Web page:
Amou Haji, an Iranian hermit who gained the notorious title of the “world’s dirtiest man” for abstaining from bathing for over five decades, has passed away at the remarkable age of 94, as reported by state media.
Known affectionately as “Amou Haji,” this enigmatic individual resided in the village of Dejgah in the southern province of Fars. Covered in soot and dwelling in a modest cinder-block shack, Haji had made headlines for his unusual lifestyle, which involved eschewing water and soap for bathing for more than 60 years. Local reports suggested that he had experienced emotional challenges during his youth, which contributed to his aversion to personal hygiene.
According to the Irna news agency, a few months ago, villagers managed to convince Haji to cleanse himself for the first time, marking a significant departure from his longstanding practice. However, it was on Sunday that Haji’s journey came to an end.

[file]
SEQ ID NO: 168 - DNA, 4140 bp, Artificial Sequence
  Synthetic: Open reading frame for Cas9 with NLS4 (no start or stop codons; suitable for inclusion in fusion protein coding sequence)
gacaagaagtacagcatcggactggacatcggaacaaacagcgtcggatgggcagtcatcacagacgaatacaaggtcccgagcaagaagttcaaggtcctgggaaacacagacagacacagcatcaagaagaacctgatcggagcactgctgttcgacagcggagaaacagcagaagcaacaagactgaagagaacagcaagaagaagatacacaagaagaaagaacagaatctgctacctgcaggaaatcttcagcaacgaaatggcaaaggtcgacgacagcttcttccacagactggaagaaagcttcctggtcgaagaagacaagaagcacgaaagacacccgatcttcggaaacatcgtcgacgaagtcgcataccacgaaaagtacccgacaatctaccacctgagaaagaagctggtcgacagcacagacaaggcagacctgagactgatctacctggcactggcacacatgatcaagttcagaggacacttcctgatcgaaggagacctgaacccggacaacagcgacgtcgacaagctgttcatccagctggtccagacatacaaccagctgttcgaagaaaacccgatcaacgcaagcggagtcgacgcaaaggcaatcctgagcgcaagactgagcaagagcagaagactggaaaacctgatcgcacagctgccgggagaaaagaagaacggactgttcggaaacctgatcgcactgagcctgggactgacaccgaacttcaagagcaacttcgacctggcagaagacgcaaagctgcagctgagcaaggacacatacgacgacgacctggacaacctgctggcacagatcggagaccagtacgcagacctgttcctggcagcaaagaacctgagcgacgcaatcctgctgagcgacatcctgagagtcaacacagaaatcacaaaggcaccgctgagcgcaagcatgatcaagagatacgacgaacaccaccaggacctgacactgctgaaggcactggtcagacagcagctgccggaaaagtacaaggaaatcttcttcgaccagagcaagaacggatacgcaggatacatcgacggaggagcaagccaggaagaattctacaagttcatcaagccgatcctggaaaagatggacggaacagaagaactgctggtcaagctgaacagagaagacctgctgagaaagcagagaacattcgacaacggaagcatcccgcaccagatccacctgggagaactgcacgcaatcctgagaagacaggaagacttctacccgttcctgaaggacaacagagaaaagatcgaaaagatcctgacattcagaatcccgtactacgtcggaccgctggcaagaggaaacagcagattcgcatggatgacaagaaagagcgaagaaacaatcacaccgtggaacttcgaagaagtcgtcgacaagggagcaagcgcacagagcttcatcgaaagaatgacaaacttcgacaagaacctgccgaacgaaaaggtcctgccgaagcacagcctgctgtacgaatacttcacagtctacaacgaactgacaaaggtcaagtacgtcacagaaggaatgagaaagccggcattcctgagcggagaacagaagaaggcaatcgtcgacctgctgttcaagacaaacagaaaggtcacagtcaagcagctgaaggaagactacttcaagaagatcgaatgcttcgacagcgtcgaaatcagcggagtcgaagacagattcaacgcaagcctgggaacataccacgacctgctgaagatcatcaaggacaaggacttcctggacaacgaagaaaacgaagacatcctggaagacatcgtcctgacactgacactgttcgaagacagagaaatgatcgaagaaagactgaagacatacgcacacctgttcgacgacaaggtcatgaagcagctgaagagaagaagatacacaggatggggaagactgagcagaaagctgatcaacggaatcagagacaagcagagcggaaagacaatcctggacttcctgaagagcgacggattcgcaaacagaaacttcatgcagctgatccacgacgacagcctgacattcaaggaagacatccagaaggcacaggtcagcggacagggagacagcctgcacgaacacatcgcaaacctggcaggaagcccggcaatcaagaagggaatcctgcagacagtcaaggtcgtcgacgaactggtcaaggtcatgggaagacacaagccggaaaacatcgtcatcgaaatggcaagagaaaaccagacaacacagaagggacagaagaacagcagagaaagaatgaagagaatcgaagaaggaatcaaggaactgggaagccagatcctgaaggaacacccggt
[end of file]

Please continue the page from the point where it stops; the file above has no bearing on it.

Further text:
Haji’s legacy of refraining from bathing for an extended period may potentially be surpassed by an Indian man. In 2009, the Hindustan Times featured an article about Kailash “Kalau” Singh, residing in a village near the holy city of Varanasi, who had also chosen to forego bathing for more than three decades. Singh’s unorthodox method involved what he referred to as a “fire bath,” where he would ignite a bonfire, engage in prayer, and smoke marijuana, believing it would eradicate germs and infections in his body.
Singh, in his pursuit of national betterment, reportedly stated, “It’s just like using water to take a bath. Fire bath helps kill all the germs and infections in the body.”
Although Amou Haji’s passing marks the end of an era, his extraordinary lifestyle and the unconventional choices he made will undoubtedly remain a subject of fascination and curiosity for years to come.